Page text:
Nineteen young ladies and students from four Hemet schools and several of their parents each gave, 8-10 inches of hair during the first Spa Pechanga Mane Campaign held at Little Lake Elementary School Wednesday, Oct. 9.
The students, who waited to have their hair cut by one of five Spa Pechanga hairdressers, showed their smiles in giving a gift of their hair that will be fashioned into a wig for a recovering cancer patient.
While the students learned compassion, kindness and the joy of giving, a few couldn’t hold back a few tears, not from losing some of their hair, but from the memory of a relative or close friend who was died of cancer.
Destiny Alvarez, 13, from Dartmouth Middle School with long shiny black 3-foot-long ponytails, was one of those students.
“I just want to help someone else,” she said. “My uncle died from cancer.”
It was her way of honoring him, she said quietly.
The hair stylist cut 8 inches of Destiny’s ponytails, and once completed, Destiny held them up with a smile on her face for the camera. Following her haircut, a hair dresser combed and styled her remaining hair.
Two of three girls from a set of triplets at Hemet High School, Malia and Maris Arrocena 16, were all smiles awaiting their turn for their hair trims. The third sister gave her locks already to the Mane Campaign. It was their older sister, a Pechanga Casino and Resort employee who brought the idea to the Little Lake School.
Their mother Christine Arrocena, having donated her hair as a part of Cancer Awareness Month,. is the secretary of the Little Lake Elementary School. She convinced Principal Robert Broecker to bring the Mane Campaign to the school.
“I’m proud that my daughter took it upon herself to make the decision to donate her hair to a good cause. For us, it’s especially a good cause because my mom died from cancer,” Sandra Hernandez, mother of a 10-year-old hair donor, said.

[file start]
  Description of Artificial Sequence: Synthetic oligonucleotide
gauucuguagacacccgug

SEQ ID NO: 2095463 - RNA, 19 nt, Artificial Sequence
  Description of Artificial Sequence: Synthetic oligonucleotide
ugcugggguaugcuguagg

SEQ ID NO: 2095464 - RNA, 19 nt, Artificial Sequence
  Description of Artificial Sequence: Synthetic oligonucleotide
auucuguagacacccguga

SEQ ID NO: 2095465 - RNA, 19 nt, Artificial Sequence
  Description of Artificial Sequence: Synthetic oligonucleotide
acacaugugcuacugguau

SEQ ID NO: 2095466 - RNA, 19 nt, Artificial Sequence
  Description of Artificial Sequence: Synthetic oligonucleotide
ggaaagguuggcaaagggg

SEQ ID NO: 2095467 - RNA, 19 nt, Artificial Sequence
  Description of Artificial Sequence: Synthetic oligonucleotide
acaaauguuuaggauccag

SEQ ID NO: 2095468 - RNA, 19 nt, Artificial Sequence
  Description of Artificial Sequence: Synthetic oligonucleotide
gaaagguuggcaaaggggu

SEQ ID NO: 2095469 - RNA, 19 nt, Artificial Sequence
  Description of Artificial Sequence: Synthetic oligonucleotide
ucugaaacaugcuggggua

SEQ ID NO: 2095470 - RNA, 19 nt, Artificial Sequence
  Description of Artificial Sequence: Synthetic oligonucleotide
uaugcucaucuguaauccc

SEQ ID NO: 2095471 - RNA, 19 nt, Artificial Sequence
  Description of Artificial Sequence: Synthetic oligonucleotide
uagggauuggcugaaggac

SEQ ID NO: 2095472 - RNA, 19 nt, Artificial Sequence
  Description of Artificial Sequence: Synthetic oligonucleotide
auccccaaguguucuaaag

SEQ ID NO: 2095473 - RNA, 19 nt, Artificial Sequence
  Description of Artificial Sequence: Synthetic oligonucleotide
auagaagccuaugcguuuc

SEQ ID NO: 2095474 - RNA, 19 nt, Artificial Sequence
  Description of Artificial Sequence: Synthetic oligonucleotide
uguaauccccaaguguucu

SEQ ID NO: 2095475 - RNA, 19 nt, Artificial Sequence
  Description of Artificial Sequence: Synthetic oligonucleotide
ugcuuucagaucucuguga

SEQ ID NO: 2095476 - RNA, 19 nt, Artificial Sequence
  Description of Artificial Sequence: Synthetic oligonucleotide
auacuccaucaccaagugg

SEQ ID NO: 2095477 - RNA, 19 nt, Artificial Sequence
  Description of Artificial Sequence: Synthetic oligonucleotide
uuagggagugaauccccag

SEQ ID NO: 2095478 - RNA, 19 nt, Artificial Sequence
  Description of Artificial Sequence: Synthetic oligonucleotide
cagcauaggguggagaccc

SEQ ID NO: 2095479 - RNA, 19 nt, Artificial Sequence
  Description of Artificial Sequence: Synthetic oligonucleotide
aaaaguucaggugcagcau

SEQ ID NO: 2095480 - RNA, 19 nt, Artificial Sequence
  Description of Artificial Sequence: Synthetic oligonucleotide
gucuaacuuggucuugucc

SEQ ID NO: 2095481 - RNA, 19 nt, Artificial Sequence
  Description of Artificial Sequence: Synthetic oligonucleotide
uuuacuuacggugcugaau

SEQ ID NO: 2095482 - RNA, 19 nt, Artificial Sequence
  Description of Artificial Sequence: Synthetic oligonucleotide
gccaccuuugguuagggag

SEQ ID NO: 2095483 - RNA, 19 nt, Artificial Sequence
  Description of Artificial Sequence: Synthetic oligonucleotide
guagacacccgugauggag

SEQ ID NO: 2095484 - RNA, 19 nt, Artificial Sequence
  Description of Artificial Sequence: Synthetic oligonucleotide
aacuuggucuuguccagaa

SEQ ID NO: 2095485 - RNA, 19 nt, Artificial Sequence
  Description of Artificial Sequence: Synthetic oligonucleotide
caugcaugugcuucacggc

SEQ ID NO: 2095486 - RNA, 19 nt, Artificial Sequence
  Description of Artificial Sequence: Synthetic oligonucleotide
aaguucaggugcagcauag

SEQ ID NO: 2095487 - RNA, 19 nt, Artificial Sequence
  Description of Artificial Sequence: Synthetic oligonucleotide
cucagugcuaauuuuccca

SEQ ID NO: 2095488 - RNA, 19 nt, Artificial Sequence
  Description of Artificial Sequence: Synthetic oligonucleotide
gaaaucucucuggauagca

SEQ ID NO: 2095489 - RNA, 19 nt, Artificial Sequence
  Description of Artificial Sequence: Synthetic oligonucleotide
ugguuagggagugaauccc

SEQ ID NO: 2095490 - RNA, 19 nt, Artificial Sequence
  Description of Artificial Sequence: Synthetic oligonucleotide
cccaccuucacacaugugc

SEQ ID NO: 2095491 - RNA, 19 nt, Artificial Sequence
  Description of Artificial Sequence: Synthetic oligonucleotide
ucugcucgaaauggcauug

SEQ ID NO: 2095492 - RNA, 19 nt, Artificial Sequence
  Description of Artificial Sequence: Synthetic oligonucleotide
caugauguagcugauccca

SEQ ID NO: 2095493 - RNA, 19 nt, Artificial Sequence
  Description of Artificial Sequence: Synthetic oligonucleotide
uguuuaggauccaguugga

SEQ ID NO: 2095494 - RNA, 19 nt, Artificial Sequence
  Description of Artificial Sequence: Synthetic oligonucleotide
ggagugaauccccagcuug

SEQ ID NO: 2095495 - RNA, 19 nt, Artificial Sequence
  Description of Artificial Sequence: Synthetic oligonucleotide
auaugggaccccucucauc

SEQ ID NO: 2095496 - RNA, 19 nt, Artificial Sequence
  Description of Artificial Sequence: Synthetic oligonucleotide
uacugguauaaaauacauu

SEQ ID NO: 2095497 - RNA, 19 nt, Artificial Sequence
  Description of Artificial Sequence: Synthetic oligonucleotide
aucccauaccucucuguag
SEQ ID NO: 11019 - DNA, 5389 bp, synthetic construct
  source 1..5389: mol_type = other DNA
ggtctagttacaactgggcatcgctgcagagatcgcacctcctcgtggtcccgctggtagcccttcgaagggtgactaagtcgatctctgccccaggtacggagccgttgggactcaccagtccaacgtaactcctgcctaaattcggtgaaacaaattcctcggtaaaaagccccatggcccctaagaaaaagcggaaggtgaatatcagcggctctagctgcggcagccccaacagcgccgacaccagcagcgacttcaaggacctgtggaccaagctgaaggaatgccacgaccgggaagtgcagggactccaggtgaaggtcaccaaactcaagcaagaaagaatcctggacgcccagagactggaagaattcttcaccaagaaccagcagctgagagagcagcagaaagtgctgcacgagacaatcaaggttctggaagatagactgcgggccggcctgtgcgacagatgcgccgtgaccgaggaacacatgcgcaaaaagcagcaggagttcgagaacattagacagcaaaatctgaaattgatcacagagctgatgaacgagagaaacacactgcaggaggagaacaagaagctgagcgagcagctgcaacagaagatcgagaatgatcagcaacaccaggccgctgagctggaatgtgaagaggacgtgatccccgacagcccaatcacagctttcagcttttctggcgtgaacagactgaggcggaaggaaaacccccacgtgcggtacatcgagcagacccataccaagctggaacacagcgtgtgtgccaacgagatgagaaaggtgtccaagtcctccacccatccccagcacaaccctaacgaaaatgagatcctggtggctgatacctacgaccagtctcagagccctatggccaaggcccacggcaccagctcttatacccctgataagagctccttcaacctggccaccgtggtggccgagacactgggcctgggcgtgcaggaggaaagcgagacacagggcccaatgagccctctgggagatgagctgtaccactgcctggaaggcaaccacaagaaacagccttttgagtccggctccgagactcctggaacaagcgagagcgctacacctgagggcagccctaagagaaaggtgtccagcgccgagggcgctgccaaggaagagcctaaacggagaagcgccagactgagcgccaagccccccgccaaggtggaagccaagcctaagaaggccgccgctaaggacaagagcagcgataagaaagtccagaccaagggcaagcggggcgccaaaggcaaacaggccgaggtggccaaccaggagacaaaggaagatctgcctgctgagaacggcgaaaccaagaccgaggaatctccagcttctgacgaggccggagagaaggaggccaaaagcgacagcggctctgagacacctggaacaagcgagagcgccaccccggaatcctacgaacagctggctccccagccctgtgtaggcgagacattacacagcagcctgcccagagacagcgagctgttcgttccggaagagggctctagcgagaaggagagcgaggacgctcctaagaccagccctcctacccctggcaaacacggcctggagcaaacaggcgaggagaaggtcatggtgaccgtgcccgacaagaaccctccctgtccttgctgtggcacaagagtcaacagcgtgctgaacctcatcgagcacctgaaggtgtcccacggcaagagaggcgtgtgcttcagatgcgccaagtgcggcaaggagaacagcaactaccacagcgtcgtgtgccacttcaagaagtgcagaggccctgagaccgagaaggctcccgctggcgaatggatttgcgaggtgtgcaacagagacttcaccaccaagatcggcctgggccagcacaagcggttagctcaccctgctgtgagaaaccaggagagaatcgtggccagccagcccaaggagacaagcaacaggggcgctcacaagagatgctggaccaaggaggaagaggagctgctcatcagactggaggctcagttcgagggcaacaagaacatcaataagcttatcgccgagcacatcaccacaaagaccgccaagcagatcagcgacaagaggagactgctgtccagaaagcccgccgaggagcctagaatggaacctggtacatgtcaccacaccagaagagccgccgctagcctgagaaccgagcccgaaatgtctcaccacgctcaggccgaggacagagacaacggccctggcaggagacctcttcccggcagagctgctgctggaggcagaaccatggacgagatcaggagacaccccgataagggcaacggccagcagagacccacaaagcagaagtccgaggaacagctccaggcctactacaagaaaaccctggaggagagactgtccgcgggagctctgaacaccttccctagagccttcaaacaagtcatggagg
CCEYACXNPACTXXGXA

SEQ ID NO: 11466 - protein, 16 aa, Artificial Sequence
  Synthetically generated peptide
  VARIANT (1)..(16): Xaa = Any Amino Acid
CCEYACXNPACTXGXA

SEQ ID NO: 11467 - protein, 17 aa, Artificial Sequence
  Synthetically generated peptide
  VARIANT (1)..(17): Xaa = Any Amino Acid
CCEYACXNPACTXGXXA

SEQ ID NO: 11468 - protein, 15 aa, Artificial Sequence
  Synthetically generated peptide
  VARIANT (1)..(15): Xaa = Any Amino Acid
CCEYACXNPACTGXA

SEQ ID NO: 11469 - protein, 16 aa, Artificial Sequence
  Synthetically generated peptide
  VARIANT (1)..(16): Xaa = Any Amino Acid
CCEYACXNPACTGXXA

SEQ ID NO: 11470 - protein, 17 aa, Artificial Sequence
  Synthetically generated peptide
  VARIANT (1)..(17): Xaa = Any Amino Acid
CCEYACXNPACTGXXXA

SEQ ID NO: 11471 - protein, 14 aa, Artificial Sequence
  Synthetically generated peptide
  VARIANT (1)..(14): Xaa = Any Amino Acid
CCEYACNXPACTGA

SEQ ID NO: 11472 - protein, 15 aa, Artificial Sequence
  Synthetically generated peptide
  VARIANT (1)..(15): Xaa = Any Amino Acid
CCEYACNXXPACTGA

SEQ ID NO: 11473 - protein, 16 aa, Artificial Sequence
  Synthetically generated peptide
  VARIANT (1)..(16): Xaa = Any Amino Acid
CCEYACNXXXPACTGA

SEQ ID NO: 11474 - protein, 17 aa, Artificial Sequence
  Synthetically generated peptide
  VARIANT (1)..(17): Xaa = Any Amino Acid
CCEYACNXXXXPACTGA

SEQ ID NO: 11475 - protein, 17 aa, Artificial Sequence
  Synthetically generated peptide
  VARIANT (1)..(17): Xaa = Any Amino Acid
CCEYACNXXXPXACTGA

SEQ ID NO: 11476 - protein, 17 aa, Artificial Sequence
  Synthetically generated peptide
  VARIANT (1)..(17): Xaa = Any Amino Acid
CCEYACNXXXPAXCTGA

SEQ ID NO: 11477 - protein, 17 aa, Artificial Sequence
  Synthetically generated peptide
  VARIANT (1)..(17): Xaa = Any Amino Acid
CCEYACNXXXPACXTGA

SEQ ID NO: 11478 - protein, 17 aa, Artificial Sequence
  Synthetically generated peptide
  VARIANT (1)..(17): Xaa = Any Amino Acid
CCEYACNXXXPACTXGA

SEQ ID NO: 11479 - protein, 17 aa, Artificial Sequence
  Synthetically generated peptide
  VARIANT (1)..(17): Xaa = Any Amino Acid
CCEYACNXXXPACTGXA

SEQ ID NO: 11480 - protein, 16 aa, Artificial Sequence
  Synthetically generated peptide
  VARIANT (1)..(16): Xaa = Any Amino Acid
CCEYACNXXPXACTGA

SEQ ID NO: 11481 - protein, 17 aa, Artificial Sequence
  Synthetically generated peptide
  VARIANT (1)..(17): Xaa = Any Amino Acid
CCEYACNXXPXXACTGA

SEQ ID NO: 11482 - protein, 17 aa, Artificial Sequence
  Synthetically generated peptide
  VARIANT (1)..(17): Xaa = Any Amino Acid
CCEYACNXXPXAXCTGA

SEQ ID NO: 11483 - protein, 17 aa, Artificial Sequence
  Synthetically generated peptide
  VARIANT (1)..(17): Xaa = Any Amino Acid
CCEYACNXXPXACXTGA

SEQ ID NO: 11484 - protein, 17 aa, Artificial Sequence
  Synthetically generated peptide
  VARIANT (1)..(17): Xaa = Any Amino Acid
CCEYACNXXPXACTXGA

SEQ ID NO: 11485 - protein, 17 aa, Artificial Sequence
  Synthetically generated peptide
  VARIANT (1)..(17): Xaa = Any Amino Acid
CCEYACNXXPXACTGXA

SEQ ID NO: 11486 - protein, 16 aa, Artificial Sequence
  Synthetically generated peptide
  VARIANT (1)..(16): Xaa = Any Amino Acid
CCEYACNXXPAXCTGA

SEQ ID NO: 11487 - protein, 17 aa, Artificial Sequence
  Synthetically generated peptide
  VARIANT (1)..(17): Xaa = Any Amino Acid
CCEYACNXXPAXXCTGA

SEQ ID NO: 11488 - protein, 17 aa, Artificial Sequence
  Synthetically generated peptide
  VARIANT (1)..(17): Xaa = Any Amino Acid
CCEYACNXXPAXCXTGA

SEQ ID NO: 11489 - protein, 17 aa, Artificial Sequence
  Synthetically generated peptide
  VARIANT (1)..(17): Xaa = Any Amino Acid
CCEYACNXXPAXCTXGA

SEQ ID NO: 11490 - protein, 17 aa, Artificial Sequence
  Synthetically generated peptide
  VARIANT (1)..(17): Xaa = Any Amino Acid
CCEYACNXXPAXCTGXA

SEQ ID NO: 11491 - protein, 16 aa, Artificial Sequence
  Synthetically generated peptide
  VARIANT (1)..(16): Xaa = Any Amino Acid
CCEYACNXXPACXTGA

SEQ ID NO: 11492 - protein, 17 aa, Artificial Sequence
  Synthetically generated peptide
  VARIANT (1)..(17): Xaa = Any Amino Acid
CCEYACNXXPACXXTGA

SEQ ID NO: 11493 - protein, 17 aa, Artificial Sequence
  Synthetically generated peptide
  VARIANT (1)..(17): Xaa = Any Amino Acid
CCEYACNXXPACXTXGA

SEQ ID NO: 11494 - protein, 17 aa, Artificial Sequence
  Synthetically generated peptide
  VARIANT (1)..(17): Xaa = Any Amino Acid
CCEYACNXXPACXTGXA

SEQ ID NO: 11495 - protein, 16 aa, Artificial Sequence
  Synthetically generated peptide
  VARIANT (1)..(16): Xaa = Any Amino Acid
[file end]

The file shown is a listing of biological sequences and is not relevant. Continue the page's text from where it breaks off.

The donors sat in a semicircle of chairs, awaiting their turn.
Watching the mass hair trimming was Barbara Caudle, a Hemet Unified School District administrator.
“I have breast cancer,” Caudle said. “I was diagnosed in 2008 and went through a lot of chemo radiation. You don’t know the happiness it brings to other people who have lost their hair. It makes a big difference to them when they don’t feel like an equal to everyone else because they don’t look the same.”
Spa Pechanga volunteer hairdressers Rochelle Marivojoc, Lauren Fink, Rose Mares, Diane Brown and Lilly Pulido cut and styled each donor’s hair.
At the conclusion, the event collected 80 feet of hair. The ponytails were sorted on a table and will be sent to “Hair We Share” in New York and made into wigs for cancer patients.
Hair We Share is a nonprofit program that makes wigs out of donated hair and distributes them free of charge to cancer patients and others with a medical hair loss conditions.
The wigmakers said it takes 6-9 ponytails to make a real-hair wig, the school’s collection gathered enough to make a minimum of five wigs.
Now in its seventh year, more than 500 ponytails have been collected by Spa Pechanga hairdressers. Gray hair and naturally colored hair is welcome. Bleached hair cannot be accepted. Those wishing to donate eight or more inches of hair receive a free haircut and style at Spa Pechanga at Pechanga Resort Casino throughout the month of October. The free haircuts and styles are provided Monday through Thursday by appointment through Oct. 31. To donate hair, call (951) 770-8501.
For more information, visit www.Pechanga.com/indulge/spa.
Tony Ault can be reached by email at email@example.com.